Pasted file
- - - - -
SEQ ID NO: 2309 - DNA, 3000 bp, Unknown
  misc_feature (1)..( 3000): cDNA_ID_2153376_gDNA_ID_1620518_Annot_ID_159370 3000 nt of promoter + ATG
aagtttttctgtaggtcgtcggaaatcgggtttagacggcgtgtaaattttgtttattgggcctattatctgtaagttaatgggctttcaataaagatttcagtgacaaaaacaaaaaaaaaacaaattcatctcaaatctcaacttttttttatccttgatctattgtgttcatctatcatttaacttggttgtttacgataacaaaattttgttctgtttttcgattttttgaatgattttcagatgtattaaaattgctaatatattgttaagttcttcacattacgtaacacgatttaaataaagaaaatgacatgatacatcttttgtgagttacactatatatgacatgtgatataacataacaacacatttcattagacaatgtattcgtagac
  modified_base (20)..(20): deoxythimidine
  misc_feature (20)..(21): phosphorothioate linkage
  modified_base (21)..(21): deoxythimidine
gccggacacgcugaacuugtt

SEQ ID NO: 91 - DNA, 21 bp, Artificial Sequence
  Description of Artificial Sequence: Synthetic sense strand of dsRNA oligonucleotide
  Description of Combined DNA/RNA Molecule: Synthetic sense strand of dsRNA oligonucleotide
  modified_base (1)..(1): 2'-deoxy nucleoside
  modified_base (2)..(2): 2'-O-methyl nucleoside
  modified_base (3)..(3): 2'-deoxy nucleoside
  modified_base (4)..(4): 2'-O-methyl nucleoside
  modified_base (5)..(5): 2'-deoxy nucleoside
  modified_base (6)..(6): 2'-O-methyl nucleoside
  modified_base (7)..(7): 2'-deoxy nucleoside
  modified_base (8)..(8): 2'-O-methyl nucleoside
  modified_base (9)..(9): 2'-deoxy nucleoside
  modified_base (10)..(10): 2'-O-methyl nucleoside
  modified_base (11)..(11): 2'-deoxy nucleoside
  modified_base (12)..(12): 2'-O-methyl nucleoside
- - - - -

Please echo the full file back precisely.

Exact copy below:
SEQ ID NO: 2309 - DNA, 3000 bp, Unknown
  misc_feature (1)..( 3000): cDNA_ID_2153376_gDNA_ID_1620518_Annot_ID_159370 3000 nt of promoter + ATG
aagtttttctgtaggtcgtcggaaatcgggtttagacggcgtgtaaattttgtttattgggcctattatctgtaagttaatgggctttcaataaagatttcagtgacaaaaacaaaaaaaaaacaaattcatctcaaatctcaacttttttttatccttgatctattgtgttcatctatcatttaacttggttgtttacgataacaaaattttgttctgtttttcgattttttgaatgattttcagatgtattaaaattgctaatatattgttaagttcttcacattacgtaacacgatttaaataaagaaaatgacatgatacatcttttgtgagttacactatatatgacatgtgatataacataacaacacatttcattagacaatgtattcgtagac
  modified_base (20)..(20): deoxythimidine
  misc_feature (20)..(21): phosphorothioate linkage
  modified_base (21)..(21): deoxythimidine
gccggacacgcugaacuugtt

SEQ ID NO: 91 - DNA, 21 bp, Artificial Sequence
  Description of Artificial Sequence: Synthetic sense strand of dsRNA oligonucleotide
  Description of Combined DNA/RNA Molecule: Synthetic sense strand of dsRNA oligonucleotide
  modified_base (1)..(1): 2'-deoxy nucleoside
  modified_base (2)..(2): 2'-O-methyl nucleoside
  modified_base (3)..(3): 2'-deoxy nucleoside
  modified_base (4)..(4): 2'-O-methyl nucleoside
  modified_base (5)..(5): 2'-deoxy nucleoside
  modified_base (6)..(6): 2'-O-methyl nucleoside
  modified_base (7)..(7): 2'-deoxy nucleoside
  modified_base (8)..(8): 2'-O-methyl nucleoside
  modified_base (9)..(9): 2'-deoxy nucleoside
  modified_base (10)..(10): 2'-O-methyl nucleoside
  modified_base (11)..(11): 2'-deoxy nucleoside
  modified_base (12)..(12): 2'-O-methyl nucleoside